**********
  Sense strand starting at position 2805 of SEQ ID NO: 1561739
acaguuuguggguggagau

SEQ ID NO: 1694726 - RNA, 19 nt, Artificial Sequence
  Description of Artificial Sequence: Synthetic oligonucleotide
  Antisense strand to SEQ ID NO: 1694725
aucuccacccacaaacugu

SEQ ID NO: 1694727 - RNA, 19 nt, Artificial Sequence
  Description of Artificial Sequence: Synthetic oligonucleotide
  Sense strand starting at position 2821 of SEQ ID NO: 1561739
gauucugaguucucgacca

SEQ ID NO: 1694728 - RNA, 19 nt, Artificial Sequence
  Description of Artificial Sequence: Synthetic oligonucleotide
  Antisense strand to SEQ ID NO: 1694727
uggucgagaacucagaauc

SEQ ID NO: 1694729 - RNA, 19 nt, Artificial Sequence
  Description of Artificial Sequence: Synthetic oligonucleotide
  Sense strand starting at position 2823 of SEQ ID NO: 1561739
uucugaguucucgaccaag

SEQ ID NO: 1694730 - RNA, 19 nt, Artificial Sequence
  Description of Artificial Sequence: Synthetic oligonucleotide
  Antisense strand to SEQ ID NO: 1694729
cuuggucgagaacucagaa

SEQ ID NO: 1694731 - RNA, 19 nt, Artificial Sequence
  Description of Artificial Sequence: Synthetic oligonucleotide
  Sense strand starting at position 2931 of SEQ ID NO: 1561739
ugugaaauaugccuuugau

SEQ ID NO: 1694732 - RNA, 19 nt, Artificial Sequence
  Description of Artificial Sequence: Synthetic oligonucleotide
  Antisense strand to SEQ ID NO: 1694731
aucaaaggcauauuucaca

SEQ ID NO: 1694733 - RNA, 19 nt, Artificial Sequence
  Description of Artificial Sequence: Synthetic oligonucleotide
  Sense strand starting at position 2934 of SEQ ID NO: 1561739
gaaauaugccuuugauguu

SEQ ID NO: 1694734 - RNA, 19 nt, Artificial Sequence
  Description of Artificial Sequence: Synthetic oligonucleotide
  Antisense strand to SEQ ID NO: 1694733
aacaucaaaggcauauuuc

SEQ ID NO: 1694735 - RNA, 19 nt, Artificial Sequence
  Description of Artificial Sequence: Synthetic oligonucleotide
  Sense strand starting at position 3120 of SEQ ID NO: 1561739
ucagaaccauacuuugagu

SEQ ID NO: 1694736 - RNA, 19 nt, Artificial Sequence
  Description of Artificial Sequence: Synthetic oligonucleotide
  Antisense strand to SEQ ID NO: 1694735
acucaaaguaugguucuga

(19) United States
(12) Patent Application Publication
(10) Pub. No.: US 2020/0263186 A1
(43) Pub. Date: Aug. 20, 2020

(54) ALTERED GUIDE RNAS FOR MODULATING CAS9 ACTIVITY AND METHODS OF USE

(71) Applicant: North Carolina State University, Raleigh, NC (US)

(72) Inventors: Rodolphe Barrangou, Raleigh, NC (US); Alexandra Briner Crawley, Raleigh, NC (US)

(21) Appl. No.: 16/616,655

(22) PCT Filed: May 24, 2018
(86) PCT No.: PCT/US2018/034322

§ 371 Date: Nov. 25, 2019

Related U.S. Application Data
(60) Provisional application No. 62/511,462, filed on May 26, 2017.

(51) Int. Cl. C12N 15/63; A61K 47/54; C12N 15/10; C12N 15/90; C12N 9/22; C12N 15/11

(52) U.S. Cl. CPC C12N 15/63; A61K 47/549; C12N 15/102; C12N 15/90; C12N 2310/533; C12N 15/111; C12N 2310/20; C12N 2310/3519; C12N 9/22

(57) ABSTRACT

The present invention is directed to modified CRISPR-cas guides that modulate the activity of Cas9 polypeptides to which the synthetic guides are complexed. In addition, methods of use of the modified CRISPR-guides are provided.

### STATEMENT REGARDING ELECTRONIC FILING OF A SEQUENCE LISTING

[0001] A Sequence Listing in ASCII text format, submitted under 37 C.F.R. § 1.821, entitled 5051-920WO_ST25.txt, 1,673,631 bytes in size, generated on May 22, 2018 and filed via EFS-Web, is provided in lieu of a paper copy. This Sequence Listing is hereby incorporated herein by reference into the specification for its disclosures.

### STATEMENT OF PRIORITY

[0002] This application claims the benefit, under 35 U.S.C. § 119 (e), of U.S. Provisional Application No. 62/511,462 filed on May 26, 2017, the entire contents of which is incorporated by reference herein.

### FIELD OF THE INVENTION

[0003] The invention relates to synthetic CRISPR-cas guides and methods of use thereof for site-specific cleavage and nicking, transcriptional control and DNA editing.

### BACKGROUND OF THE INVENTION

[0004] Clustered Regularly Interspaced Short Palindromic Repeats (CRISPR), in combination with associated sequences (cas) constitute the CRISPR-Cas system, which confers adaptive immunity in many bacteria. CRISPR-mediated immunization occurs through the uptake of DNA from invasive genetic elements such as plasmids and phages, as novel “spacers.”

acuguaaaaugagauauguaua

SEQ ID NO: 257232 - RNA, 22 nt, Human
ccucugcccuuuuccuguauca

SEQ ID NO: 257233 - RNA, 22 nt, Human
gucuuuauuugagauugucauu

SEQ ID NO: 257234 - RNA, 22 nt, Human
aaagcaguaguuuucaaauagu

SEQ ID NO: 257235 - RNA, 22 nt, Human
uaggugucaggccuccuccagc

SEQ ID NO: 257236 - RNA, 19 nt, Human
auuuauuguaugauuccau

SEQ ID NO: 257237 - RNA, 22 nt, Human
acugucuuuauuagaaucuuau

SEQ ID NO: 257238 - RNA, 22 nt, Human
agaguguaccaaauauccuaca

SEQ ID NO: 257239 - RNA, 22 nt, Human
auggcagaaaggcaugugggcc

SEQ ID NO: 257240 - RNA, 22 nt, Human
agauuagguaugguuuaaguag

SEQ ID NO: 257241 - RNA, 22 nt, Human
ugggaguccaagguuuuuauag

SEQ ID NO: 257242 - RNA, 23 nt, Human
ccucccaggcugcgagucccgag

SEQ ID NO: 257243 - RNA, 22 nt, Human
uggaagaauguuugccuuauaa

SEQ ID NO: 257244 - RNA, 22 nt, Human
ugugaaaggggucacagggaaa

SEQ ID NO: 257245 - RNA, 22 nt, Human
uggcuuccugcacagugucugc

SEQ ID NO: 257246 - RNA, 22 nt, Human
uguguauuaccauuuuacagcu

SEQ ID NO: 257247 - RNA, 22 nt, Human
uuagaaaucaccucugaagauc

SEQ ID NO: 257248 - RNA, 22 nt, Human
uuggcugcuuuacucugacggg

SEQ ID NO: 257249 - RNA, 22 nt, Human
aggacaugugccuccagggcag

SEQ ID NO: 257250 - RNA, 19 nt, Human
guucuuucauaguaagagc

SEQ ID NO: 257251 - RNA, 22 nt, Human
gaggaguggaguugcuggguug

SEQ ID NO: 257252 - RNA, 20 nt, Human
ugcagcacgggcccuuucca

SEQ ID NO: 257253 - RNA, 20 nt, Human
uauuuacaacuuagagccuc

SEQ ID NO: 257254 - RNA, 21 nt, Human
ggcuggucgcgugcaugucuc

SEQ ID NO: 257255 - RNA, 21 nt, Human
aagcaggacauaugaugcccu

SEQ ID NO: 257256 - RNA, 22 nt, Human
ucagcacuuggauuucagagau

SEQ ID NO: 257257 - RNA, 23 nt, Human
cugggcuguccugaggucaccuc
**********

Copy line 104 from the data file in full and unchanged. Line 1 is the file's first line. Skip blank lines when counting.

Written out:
uuagaaaucaccucugaagauc